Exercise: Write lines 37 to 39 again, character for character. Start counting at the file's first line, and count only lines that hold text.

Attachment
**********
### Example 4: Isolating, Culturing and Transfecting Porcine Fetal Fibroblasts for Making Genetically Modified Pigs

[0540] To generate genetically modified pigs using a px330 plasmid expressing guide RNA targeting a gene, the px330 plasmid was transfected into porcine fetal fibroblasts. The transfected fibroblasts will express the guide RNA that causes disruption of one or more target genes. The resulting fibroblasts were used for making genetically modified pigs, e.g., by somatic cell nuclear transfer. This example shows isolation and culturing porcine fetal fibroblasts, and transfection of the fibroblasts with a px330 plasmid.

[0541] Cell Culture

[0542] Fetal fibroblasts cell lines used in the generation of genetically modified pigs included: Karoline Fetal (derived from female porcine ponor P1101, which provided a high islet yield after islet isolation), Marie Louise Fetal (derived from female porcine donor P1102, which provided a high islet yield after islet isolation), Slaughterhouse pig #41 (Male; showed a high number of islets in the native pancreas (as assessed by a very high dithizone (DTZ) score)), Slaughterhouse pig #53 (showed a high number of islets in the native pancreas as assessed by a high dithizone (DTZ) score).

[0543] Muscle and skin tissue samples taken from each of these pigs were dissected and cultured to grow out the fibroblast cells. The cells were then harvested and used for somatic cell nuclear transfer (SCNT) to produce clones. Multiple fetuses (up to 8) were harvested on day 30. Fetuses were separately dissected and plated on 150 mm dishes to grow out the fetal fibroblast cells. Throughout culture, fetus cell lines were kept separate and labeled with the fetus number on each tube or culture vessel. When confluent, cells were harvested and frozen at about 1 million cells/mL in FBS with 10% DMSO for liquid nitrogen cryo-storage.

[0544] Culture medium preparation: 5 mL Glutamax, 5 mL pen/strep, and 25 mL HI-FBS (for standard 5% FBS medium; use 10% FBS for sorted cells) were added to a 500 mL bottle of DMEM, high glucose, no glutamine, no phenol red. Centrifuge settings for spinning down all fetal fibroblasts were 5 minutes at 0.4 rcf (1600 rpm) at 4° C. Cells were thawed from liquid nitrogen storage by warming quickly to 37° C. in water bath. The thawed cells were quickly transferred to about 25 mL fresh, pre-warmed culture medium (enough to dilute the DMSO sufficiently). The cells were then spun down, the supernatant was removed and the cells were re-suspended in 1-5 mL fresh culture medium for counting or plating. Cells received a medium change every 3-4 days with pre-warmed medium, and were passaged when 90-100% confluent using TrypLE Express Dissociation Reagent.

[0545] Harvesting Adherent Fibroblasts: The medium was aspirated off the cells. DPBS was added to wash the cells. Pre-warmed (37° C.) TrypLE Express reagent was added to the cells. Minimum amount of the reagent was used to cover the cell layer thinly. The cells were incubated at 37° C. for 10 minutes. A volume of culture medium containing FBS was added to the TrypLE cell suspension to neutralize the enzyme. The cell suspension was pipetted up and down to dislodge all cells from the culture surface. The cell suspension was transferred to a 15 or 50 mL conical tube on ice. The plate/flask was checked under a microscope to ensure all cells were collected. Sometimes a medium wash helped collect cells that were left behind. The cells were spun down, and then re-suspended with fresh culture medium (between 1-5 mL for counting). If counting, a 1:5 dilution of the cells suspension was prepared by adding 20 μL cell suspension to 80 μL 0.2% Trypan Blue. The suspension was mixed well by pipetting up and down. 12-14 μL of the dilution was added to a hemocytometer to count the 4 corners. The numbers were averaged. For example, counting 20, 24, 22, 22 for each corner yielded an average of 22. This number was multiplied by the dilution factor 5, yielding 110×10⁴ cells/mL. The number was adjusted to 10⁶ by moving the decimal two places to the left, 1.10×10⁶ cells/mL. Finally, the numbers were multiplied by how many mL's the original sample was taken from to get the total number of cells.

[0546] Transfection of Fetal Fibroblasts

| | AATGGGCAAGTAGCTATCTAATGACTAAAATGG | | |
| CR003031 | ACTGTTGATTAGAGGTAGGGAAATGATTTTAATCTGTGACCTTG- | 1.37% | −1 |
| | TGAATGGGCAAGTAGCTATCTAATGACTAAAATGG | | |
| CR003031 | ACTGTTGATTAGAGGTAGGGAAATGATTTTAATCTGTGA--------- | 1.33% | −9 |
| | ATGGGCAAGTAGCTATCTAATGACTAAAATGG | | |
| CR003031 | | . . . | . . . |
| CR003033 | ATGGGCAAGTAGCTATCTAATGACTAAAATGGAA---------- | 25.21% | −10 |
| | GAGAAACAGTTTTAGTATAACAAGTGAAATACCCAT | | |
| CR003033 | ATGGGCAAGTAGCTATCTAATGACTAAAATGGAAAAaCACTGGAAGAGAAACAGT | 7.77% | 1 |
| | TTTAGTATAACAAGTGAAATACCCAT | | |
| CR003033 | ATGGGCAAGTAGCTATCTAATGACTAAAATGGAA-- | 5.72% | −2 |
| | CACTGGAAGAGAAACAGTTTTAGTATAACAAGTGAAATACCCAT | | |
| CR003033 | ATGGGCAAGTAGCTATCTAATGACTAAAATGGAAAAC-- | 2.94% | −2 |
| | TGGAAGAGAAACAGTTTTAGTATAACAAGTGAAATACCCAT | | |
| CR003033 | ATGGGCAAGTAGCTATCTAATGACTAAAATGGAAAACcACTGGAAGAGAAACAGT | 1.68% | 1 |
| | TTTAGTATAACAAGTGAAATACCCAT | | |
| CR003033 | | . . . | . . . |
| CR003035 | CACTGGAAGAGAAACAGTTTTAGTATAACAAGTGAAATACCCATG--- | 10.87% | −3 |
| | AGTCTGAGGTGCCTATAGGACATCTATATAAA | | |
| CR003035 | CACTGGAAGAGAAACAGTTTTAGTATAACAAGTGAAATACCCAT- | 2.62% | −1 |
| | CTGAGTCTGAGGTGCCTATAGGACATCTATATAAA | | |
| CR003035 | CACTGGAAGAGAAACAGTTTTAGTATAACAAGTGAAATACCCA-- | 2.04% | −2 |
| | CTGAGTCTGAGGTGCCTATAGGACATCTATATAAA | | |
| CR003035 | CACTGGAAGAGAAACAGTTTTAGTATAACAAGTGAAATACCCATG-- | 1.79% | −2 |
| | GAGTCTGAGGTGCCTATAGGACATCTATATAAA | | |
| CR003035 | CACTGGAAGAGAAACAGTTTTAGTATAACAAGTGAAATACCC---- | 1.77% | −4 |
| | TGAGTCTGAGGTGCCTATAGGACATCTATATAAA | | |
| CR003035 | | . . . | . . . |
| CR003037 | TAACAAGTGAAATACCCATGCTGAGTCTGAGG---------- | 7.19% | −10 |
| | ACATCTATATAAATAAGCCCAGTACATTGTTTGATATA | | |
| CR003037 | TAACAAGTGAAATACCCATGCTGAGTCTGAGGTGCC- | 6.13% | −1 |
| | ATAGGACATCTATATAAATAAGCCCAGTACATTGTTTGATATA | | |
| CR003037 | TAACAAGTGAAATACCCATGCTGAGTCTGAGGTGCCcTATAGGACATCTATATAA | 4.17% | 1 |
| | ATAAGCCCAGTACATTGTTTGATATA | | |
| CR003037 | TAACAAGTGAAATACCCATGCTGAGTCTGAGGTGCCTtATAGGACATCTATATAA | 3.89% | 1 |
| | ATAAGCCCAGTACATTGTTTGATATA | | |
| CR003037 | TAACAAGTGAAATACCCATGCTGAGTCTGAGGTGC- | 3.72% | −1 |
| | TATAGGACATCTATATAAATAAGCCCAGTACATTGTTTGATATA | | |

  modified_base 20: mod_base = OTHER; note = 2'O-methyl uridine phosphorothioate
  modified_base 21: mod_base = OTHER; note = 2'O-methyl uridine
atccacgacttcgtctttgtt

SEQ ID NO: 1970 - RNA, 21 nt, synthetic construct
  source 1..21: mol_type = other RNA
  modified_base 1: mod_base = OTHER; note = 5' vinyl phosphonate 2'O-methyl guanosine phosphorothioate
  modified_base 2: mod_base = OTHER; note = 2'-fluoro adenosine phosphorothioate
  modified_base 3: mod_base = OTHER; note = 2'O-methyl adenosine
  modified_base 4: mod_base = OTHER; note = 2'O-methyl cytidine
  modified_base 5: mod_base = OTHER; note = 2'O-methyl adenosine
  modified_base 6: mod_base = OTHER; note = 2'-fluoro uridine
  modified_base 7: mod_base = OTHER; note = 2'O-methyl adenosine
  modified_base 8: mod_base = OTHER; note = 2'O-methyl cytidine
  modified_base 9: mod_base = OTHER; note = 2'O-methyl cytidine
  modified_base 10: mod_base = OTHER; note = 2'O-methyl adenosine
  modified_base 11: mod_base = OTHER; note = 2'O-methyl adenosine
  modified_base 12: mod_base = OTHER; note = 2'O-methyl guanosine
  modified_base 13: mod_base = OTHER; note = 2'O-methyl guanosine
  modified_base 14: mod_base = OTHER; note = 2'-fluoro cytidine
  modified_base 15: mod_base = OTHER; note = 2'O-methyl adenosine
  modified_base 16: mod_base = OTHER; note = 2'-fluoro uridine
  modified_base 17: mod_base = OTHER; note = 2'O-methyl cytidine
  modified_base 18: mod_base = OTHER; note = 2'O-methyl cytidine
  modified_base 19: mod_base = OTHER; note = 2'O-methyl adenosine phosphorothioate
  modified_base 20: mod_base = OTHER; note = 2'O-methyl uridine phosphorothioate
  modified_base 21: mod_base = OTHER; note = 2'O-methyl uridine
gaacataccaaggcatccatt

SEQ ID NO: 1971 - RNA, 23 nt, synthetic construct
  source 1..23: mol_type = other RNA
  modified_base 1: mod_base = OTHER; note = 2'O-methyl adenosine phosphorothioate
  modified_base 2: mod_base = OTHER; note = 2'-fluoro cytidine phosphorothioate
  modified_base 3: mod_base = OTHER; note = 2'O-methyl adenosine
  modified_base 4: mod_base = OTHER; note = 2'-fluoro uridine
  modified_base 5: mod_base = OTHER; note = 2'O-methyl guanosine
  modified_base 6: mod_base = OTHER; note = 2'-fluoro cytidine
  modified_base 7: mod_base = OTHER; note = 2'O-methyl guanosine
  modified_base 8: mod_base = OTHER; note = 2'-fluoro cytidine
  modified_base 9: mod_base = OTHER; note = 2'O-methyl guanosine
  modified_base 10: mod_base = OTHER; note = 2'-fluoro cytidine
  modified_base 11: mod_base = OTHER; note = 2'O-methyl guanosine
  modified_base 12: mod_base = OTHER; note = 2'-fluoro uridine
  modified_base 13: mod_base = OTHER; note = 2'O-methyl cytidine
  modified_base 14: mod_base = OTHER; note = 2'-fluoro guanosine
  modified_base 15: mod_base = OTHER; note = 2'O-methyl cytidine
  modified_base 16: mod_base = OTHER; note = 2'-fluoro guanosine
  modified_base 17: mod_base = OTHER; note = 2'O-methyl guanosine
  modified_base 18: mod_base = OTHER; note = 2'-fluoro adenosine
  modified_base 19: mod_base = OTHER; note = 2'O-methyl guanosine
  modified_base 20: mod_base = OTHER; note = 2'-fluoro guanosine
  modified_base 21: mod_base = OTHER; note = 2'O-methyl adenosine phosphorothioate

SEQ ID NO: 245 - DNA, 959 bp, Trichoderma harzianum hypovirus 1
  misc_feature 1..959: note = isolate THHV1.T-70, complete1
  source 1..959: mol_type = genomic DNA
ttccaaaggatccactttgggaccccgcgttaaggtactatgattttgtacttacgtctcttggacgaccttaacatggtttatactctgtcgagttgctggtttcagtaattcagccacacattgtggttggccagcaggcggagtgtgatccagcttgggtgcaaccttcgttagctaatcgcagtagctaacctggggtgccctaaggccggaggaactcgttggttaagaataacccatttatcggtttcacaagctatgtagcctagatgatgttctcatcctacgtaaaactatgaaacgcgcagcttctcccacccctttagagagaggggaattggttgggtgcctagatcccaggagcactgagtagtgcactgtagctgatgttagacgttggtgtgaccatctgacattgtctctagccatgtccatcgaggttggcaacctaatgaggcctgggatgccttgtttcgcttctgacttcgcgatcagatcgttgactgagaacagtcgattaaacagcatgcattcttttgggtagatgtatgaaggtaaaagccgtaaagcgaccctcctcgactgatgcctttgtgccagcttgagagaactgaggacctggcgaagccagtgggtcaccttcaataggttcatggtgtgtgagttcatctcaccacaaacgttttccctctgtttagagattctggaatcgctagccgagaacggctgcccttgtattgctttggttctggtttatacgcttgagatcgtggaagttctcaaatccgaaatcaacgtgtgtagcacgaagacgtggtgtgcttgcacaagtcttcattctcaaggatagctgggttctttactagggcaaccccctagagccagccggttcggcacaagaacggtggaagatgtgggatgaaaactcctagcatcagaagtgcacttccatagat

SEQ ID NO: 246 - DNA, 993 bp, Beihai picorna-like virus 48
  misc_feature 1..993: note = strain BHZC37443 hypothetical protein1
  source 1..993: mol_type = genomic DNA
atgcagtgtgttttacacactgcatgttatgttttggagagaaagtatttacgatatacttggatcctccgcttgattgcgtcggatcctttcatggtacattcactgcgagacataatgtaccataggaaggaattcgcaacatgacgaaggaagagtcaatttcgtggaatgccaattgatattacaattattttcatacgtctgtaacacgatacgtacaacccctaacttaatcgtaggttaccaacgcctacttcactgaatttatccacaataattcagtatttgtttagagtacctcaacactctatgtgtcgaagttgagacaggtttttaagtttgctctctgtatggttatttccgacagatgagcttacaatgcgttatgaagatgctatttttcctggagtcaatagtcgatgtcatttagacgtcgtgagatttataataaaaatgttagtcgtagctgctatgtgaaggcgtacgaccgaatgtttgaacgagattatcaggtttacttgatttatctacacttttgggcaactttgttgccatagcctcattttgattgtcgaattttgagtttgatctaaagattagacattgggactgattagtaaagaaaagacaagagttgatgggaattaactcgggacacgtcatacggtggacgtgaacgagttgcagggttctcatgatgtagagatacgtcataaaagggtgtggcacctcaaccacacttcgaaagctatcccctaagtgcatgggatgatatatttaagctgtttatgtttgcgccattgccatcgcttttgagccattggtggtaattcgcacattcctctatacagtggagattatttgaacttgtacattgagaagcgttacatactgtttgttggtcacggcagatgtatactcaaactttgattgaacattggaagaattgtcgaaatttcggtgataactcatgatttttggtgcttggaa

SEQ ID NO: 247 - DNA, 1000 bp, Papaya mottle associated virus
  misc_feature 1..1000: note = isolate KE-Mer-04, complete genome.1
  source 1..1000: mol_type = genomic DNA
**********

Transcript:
| CR003037 | TAACAAGTGAAATACCCATGCTGAGTCTGAGG---------- | 7.19% | −10 |
| | ACATCTATATAAATAAGCCCAGTACATTGTTTGATATA | | |
| CR003037 | TAACAAGTGAAATACCCATGCTGAGTCTGAGGTGCC- | 6.13% | −1 |